WASHINGTON — A newly released legal memo by Supreme Court nominee John G. Roberts calling pay equity for women a “pernicious” legal doctrine touched off demands by women’s organizations that he be quizzed closely on the issue in Senate confirmation hearings next month.

The memo was one of 5,400 pages of documents dating from late 1982 to mid-1986 when Roberts was serving in the Reagan White House. Held in the Reagan Presidential Library in Simi Valley, Calif., the papers were released by the National Archives Aug.15 at the request of Democratic members of the Senate Judiciary Committee.

The White House has refused to release another 50,000 pages covering Roberts’ later service as deputy solicitor general in the Justice Department.

“That memo does cause us much concern,” Llenda Jackson-Leslie, president of the National Women’s Political Caucus, told the World. “That’s one of the reasons we have joined with other organizations in asking the Senate to demand that these papers be released. We want a full, open, honest disclosure of all these papers, particularly the documents created when Roberts was at the Justice Department.”

In the memo, addressed to then-White House counsel Fred Fielding, Roberts reacted to a 1984 ruling by a federal district judge in Tacoma, Wash. The judge had upheld Washington State’s revised pay scales to close the yawning female-male wage gap in job categories where 70 percent or more of the workers were women.

Roberts’ memo denounced three women members of Congress, all Republicans, who endorsed the Washington State pay equity law. “I honestly find it troubling that three Republican representatives are so quick to embrace such a radical redistributive concept,” Roberts wrote in the memo. “Their slogan may as well be, ‘From each according to his ability, to each acccording to her gender.’”

Roberts was paraphrasing Karl Marx’s famous definition of socialism, “From each according to his [her] ability, to each according to his [her] work.” With this choice of language, Roberts revealed his readiness to use redbaiting against a simple measure to close the male-female income gap.

The Tacoma judge’s ruling was overturned the next year in an opinion written by Anthony M. Kennedy, then an appeals court judge. A year later, Reagan named him to the U.S. Supreme Court.

Jackson-Leslie said pay equity “is an extremely urgent issue. Right now, Michigan and Alabama are tied for last place with women earning 67 cents for every dollar a man earns. It’s a major problem.”

The National Committee on Pay Equity estimates that working families lose more than $200 billion annually in income due to the male-female wage differential. That money flows into the profit coffers of corporate America. The gender wage gap is even wider for African American women who earn only 66 cents and for Hispanic women who earn only 55 cents for every dollar men earn. A 25-year-old woman can expect to lose between $250,000 and $500,000 over her lifetime due to this gap.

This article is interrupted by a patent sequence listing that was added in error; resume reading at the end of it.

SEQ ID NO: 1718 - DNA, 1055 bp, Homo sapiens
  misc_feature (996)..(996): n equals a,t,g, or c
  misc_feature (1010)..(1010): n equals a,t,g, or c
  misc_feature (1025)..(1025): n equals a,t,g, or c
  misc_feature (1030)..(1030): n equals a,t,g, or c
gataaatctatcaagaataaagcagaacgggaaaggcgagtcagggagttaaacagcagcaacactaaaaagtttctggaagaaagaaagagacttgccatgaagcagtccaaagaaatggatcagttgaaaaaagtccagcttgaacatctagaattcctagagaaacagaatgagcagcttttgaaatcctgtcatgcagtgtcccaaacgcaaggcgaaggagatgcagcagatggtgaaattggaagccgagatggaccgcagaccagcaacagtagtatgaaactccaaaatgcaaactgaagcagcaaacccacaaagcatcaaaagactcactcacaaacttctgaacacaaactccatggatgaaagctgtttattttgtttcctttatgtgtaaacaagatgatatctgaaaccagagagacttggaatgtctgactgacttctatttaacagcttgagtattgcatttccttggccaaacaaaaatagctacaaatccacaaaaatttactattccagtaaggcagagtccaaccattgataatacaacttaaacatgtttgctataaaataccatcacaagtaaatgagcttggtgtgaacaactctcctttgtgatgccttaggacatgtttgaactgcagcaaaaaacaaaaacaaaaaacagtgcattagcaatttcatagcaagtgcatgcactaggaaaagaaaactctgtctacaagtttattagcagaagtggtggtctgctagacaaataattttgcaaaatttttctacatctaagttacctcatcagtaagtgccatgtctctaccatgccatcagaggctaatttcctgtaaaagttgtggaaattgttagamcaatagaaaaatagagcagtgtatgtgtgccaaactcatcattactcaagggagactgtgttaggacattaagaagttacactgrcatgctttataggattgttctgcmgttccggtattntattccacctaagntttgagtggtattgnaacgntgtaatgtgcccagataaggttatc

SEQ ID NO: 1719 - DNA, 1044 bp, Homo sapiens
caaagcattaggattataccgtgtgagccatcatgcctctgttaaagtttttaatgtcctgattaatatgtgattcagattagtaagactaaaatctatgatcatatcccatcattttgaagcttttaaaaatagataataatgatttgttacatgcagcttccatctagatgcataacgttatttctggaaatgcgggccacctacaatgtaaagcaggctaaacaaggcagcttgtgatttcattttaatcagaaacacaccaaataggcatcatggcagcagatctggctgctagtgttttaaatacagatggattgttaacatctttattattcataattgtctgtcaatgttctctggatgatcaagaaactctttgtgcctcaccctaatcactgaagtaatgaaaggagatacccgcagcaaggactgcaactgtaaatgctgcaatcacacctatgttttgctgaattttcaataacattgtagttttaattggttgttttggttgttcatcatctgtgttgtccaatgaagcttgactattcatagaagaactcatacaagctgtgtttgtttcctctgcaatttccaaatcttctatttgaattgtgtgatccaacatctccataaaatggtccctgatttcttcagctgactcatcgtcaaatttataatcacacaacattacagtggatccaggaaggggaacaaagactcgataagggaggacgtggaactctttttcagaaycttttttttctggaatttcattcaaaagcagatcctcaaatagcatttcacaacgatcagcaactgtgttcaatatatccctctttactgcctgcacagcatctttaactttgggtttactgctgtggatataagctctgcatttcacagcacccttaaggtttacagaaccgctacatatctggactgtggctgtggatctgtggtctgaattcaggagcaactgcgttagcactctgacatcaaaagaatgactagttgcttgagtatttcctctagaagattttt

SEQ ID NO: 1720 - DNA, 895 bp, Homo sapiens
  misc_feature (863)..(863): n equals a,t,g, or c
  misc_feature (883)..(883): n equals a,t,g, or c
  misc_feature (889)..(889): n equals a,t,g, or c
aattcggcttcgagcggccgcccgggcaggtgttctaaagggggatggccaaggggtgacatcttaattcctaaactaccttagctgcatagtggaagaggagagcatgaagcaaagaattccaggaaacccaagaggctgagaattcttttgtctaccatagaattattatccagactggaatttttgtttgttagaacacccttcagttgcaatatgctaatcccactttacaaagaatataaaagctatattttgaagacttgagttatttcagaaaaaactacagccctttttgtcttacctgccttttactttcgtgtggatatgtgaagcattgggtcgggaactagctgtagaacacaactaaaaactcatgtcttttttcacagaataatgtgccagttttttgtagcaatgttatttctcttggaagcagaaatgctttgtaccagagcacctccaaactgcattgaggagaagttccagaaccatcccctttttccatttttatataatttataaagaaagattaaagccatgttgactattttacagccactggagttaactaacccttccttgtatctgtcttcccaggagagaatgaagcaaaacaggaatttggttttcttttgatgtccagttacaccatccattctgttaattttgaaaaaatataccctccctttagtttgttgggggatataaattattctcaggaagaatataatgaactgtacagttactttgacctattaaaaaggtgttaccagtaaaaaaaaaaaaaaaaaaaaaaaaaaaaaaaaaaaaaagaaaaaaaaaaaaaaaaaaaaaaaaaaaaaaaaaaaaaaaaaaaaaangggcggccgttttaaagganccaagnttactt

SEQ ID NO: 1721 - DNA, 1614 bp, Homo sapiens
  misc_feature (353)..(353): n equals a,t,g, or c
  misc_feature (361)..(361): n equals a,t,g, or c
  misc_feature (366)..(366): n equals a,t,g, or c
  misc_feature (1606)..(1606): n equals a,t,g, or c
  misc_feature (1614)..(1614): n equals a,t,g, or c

The most recent figures on the gender wage gap presented a misleading picture of women earning 81 cents for every dollar earned by the average male. Analysts say this apparent narrowing of the gap is the result of men earning less, not women earning more.

Noting that Roberts wrote the memo 21 years ago, Sherry Saunders, communications director of Business and Professional Women/USA, told the World, “I would hope he has had time to reconsider his opinion and I hope the Senate Judiciary Committee would ask him his opinions on this question today.”

“I was concerned that he was dismissive of a policy that provided women equal pay for work of comparable worth. We will be listening closely to these hearings,” she said.

Jackson-Leslie said pay equity “is only one of the issues we are concerned about.” Others include Roberts’ views on privacy, voting rights and affirmative action.

Jeremy Lemming, a spokes-man for Americans United for Separation of Church and State, pointed out that in one of the released documents, Roberts vehemently denounced the Supreme Court for overturning Alabama’s “moment of silence” prayer in school law.

Clearly, he said, Roberts is hostile to the First Amendment’s principle of separation of church and state. “Roberts was a high-ranking political appointee pushing legal doctrines that are as radical as those expressed by Robert Bork,” Lemming said, referring to the far-right Nixon Justice Department official whose nomination to the Supreme Court was rejected by the Senate.

“Bush is seeking to replace Justice Sandra Day O’Connor, a moderate swing vote on the high court, with a foot soldier of the extreme right,” Lemming continued.

“Bush won a second term by a very narrow margin. We don’t think the country has given him a mandate to pack the Supreme Court with right-wing extremists. We’ve already come out in opposition to this nominee and we hope others join us. There is enough evidence, now, that we have another Scalia or Thomas on our hands. We think the Senate should reject him.”